Particularly, FIG. 1c illustrates a timing diagram including the instruction flow for two successive instructions through the x- and y-pipelines over the same clock cycles 150 through 156 shown in FIG. 1b. Subscripts in FIG. 1c illustrate the succession of the two instructions. The first x- and y-instructions, denoted with a subscript one, are single clock instructions and flow in the same manner as the instruction shown in FIG. 1b. The second x- and y-instructions, denoted with a subscript two, are additional instructions which follow one stage immediately behind the first x- and y-instructions. Given the immediate succession of instruction flow, no stage is wasted, that is, no clock cycle occurs during the illustrated instruction flow where the instruction is not processed by either the ID1, ID2, AC1, AC2, or EX stage.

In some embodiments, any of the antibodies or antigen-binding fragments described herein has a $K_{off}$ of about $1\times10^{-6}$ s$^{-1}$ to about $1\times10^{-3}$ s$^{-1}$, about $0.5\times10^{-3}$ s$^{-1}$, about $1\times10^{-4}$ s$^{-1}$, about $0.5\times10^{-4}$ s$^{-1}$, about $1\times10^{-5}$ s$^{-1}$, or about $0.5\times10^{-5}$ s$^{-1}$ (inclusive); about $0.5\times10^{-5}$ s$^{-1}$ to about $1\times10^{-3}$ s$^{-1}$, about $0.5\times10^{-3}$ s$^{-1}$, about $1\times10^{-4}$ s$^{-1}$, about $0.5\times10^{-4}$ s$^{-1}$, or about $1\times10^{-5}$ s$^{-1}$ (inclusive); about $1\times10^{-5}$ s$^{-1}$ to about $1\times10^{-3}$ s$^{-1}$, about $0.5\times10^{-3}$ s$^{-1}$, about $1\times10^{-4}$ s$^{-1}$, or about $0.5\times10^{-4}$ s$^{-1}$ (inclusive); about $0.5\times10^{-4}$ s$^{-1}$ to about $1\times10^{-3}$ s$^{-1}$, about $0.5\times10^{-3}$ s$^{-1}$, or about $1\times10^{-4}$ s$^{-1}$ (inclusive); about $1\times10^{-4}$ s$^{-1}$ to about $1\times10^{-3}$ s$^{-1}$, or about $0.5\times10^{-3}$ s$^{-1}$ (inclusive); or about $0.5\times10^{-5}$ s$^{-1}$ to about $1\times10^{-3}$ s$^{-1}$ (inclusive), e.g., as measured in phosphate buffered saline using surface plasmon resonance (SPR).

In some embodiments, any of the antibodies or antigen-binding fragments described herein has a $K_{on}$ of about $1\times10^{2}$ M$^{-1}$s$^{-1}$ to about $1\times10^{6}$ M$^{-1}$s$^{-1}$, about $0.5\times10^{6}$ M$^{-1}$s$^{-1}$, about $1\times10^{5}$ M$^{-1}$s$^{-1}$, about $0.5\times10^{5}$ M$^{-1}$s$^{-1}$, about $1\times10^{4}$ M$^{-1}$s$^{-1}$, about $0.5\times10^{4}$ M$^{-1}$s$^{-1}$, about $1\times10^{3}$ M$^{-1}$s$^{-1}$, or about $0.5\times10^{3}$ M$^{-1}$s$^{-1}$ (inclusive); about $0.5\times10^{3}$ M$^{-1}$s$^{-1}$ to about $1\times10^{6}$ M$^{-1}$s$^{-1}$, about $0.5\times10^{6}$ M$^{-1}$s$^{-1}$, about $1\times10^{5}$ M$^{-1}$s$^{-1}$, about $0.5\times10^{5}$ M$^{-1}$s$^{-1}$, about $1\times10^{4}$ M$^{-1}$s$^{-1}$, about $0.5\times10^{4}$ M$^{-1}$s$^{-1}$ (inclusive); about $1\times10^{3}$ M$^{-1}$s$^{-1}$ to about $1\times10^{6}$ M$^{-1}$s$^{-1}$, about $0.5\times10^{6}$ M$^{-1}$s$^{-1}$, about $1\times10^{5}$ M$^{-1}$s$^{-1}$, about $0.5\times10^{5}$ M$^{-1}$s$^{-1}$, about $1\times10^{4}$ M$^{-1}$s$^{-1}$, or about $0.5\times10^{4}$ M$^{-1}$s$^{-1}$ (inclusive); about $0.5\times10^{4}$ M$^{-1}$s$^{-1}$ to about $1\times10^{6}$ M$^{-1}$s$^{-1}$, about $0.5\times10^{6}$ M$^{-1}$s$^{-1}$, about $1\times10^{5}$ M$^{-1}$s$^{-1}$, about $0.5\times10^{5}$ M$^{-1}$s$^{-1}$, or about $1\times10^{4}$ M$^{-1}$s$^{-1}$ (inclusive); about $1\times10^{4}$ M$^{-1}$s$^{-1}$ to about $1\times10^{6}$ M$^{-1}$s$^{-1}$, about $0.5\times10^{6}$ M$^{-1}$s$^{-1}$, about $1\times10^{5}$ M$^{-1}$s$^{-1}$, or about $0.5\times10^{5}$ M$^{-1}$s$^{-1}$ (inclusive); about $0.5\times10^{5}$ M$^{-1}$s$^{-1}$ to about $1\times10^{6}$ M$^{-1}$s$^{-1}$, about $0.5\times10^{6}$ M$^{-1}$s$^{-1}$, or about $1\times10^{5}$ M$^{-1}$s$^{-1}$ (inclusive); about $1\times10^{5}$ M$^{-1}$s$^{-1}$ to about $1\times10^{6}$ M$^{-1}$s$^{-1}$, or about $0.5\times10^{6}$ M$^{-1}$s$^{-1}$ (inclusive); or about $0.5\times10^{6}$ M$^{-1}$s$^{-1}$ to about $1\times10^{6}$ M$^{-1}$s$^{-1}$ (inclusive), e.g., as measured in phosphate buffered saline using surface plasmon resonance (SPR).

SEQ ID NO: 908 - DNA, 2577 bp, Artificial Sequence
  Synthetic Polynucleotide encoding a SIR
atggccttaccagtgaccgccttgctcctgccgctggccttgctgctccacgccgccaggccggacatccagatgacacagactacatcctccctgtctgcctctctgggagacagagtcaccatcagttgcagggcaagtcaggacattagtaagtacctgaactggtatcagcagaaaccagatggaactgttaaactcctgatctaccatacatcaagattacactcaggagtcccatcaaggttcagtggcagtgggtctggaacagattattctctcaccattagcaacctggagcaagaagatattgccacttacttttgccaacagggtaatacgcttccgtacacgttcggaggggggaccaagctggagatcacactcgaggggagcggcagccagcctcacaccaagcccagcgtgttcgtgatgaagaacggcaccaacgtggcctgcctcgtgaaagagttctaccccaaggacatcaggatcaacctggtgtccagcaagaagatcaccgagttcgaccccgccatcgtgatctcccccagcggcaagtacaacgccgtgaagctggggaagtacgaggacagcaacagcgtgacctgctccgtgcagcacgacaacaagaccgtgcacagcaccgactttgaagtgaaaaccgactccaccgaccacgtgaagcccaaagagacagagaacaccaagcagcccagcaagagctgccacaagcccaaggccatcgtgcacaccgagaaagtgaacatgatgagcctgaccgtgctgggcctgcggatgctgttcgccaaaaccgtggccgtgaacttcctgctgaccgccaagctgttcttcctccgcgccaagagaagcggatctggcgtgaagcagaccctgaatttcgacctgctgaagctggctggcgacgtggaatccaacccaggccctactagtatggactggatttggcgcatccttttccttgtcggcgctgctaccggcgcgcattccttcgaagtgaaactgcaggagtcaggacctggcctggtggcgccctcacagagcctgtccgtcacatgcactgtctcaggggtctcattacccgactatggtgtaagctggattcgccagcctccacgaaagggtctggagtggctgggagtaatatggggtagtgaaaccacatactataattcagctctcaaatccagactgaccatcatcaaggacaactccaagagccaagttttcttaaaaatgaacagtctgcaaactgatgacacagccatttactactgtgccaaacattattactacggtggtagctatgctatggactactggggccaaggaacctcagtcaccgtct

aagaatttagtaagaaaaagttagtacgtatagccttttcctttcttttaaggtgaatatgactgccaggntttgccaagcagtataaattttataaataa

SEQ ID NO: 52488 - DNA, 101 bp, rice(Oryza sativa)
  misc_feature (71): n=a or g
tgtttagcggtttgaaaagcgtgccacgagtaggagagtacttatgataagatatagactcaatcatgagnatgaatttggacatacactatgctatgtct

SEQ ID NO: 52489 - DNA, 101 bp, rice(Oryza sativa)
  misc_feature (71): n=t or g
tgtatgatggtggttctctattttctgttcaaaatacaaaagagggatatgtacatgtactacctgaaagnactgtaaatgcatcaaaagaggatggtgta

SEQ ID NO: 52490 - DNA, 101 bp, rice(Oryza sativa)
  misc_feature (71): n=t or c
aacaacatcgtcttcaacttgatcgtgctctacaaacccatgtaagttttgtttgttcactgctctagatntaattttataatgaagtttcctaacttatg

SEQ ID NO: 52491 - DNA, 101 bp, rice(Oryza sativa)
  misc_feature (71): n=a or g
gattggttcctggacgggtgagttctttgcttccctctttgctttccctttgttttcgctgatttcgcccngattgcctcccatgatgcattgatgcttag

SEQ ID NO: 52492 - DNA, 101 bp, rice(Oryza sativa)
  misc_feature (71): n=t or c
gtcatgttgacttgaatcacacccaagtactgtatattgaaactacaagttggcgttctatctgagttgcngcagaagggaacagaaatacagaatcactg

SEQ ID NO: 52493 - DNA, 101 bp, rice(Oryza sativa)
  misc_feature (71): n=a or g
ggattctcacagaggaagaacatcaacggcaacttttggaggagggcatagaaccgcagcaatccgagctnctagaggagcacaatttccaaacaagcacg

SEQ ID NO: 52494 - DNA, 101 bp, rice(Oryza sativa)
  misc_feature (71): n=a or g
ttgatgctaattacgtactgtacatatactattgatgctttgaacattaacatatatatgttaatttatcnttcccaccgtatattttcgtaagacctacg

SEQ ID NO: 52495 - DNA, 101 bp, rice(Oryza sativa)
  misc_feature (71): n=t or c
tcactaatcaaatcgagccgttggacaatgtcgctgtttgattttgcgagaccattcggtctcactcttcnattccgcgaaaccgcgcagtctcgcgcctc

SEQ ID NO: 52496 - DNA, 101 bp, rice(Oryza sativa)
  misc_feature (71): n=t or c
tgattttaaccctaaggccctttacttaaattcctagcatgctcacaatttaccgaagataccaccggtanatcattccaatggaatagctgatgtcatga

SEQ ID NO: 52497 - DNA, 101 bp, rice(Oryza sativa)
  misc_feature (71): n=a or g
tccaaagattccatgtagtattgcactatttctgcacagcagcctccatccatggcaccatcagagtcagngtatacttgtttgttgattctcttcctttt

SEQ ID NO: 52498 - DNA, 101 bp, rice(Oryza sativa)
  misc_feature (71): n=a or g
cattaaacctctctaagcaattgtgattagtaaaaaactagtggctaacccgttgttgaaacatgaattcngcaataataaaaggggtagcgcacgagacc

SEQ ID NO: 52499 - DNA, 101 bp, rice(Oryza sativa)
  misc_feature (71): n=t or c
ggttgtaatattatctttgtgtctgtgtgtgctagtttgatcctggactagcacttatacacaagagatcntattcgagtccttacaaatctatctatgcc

The prior art is unable to achieve the preferred flow of FIG. 1c for a single clock instruction. FIG. 1d illustrates a timing diagram of the flow In the prior art for the two paired instructions of FIG. 1c. Note that the microsequencer outputs for the second instruction, μsx2 and μsy2, are output during clock cycle 154, rather than clock cycle 152 as shown in the inventive preferred flow of FIG. 1c. Thus, clock cycle 152 is wasted in the prior art. Such a result occurs because of the prior art methodology in controlling the microsequencer circuit's output. Specifically, in the prior art, the microinstruction output by the microROM for a single clock instruction, μr, includes a control signal which subsequently (after a wasted clock cycle) causes the microsequencer circuit to output the next microROM microaddress, μs. More particularly, for each different microinstruction, a given bit or bits in μr indicate that an instruction is a single clock instruction. Only after this indication is the microsequencer caused to output the next microaddress, μs. This indication and delay is shown by an arrow in FIG. 1d. As shown, at the end of φ1 of clock cycle 152, the microinstruction, μrx1, indicates that its corresponding instruction is a single clock instruction. As described above, the next microaddress, μsx2, is output only after this indication and, thus, cannot occur until the beginning of clock cycle 154. Thus, in effect, the microsequencer must "wait on" the microROM output and, hence, at least one clock cycle is wasted during this waiting period. Note that the same delay occurs for the y-pipeline as shown by the delay arrow in FIG. 1d between the microROM output μry1, and the responsive next output by the microsequencer, μsy2. In contrast to FIG. 1d, however, the present invention includes a novel apparatus and methodology for achieving the preferred and improved flow of FIG. 1c, and is described below.